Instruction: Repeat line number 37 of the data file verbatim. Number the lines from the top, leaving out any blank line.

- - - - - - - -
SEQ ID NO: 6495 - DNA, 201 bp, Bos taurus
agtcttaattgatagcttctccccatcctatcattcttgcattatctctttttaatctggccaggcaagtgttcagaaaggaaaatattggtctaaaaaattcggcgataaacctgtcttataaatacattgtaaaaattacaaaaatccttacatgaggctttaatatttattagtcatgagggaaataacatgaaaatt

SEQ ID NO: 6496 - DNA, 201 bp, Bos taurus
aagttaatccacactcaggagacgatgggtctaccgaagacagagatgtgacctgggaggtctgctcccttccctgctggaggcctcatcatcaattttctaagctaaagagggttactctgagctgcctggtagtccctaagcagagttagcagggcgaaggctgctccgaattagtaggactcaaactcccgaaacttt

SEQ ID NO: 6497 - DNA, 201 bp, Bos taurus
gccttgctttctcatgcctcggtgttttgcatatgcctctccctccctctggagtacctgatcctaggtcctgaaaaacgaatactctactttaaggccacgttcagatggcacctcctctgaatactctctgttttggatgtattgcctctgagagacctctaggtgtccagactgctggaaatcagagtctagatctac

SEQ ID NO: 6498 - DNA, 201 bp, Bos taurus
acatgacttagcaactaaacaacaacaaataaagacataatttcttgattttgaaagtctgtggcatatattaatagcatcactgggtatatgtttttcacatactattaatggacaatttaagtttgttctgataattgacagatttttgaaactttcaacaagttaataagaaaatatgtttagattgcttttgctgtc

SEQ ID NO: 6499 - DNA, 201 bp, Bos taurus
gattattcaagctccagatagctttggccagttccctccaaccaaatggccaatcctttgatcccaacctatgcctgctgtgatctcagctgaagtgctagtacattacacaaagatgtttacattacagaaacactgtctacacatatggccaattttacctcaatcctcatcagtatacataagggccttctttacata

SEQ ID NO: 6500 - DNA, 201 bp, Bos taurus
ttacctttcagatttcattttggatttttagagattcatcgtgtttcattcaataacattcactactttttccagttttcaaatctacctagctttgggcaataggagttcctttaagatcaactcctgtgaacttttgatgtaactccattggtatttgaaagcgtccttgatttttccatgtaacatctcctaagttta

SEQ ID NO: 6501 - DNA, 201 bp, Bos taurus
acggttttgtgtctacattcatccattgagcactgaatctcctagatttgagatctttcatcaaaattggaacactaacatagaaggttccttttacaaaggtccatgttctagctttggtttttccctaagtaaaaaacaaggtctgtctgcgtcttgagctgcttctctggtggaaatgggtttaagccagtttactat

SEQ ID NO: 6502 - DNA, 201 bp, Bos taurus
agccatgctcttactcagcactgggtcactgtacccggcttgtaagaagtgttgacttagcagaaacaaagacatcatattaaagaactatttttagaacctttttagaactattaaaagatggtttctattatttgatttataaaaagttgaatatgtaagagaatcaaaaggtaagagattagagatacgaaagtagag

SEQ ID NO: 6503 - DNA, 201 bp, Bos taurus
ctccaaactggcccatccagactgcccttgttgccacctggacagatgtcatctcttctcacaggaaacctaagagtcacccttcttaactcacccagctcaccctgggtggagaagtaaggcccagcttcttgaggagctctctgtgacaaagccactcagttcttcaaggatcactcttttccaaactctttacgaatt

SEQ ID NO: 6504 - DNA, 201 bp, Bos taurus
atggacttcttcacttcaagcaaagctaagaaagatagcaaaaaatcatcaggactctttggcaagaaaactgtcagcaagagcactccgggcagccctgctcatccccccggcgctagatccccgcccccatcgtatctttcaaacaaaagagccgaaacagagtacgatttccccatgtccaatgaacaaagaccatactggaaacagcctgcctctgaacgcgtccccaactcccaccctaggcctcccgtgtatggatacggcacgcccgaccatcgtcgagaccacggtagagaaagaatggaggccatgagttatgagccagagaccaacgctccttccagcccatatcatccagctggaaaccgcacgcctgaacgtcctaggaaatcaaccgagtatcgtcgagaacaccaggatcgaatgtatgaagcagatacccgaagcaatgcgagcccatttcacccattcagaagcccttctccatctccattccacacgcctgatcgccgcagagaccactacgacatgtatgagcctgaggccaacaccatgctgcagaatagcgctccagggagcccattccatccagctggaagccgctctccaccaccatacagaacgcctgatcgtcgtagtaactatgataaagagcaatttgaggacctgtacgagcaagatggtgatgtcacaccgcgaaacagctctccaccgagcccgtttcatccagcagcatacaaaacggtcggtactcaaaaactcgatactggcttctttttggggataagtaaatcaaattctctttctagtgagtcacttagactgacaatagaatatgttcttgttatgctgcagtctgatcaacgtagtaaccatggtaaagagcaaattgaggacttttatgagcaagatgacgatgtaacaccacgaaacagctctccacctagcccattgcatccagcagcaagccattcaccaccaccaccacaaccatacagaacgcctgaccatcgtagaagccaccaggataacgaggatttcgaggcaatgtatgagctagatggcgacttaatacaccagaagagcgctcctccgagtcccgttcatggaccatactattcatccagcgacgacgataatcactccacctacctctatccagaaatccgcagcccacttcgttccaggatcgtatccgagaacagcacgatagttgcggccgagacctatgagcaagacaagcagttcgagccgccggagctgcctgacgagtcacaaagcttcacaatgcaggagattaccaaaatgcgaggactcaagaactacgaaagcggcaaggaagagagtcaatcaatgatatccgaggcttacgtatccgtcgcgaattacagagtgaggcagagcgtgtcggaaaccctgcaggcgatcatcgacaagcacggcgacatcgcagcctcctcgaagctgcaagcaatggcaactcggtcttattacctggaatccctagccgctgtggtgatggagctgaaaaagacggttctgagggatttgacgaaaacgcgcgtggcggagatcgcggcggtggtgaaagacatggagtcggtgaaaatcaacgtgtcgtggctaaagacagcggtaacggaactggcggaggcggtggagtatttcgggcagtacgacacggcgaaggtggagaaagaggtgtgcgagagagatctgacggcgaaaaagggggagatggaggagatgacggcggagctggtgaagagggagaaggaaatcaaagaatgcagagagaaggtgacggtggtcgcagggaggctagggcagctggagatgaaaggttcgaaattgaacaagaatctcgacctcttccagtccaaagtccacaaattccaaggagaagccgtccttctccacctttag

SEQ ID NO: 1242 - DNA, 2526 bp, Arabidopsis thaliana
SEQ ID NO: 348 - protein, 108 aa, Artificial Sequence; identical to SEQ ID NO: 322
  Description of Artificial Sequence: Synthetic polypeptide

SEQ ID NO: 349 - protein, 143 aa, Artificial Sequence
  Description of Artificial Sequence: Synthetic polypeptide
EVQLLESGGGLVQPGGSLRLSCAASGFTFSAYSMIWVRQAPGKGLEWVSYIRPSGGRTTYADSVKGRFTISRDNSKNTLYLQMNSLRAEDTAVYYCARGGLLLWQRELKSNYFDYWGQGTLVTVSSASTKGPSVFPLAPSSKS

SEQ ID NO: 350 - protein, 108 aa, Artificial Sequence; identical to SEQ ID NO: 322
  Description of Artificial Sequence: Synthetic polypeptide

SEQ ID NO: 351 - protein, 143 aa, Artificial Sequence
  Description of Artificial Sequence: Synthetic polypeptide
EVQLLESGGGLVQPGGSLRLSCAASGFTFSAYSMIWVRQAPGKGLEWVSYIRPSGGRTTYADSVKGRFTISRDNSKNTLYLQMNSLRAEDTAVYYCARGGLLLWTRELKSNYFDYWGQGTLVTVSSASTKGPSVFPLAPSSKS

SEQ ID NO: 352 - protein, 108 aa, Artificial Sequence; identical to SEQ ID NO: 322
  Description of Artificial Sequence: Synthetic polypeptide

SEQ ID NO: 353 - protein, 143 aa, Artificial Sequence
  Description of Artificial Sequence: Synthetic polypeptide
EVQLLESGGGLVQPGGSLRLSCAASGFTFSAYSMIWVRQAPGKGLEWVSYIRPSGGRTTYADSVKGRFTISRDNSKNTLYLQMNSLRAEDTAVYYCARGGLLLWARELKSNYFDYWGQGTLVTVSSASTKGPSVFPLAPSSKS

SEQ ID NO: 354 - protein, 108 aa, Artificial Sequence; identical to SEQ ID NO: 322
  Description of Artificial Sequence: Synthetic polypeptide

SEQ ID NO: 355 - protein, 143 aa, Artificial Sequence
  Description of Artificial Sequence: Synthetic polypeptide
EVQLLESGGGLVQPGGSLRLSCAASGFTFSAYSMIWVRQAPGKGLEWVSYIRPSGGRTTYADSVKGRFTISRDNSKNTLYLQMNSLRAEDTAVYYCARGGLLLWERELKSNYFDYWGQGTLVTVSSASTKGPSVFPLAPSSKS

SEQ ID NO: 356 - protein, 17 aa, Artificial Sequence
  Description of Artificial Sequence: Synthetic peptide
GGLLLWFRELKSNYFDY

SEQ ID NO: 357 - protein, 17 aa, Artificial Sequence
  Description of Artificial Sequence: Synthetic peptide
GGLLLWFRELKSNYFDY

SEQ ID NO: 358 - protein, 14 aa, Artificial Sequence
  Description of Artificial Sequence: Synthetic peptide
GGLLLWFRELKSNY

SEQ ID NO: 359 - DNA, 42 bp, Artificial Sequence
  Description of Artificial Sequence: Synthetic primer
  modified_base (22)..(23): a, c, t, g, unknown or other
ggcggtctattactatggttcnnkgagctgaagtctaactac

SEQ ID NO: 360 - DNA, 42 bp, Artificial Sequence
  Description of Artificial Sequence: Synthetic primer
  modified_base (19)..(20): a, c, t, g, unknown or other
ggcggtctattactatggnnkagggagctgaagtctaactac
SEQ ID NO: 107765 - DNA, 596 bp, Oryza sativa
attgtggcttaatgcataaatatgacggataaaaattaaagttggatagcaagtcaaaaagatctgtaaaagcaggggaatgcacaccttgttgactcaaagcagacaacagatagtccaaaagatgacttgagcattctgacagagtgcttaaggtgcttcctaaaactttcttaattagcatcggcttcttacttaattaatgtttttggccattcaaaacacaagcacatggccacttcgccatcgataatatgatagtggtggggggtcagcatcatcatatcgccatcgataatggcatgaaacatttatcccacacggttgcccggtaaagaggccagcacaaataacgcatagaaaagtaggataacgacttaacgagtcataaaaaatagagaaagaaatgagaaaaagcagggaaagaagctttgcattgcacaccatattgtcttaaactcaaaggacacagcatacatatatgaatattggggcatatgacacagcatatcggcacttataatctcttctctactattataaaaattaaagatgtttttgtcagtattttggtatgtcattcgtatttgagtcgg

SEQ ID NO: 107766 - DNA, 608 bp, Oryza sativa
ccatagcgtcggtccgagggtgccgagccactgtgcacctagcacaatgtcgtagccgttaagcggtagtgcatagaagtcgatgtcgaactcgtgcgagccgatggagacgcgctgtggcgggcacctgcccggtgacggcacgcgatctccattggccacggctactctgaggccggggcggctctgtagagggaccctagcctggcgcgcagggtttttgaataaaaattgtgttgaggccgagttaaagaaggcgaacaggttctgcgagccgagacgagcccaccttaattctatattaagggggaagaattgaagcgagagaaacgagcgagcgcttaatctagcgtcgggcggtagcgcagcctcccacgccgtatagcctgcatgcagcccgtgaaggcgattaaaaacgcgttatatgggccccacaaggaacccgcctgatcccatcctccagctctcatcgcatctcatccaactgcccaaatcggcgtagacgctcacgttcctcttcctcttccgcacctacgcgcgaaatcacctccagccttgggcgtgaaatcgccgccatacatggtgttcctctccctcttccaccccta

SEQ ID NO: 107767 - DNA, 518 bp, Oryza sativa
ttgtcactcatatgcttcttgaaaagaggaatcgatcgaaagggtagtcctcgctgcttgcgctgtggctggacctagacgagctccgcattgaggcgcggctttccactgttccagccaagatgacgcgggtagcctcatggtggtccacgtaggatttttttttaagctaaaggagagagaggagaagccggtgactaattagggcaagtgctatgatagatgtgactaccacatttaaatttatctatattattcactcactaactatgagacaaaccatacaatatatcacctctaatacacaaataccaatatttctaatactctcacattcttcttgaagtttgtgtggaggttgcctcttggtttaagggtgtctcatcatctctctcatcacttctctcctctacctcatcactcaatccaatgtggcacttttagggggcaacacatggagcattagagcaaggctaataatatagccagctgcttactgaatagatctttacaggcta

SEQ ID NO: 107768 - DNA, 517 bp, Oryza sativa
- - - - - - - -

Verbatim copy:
SEQ ID NO: 354 - protein, 108 aa, Artificial Sequence; identical to SEQ ID NO: 322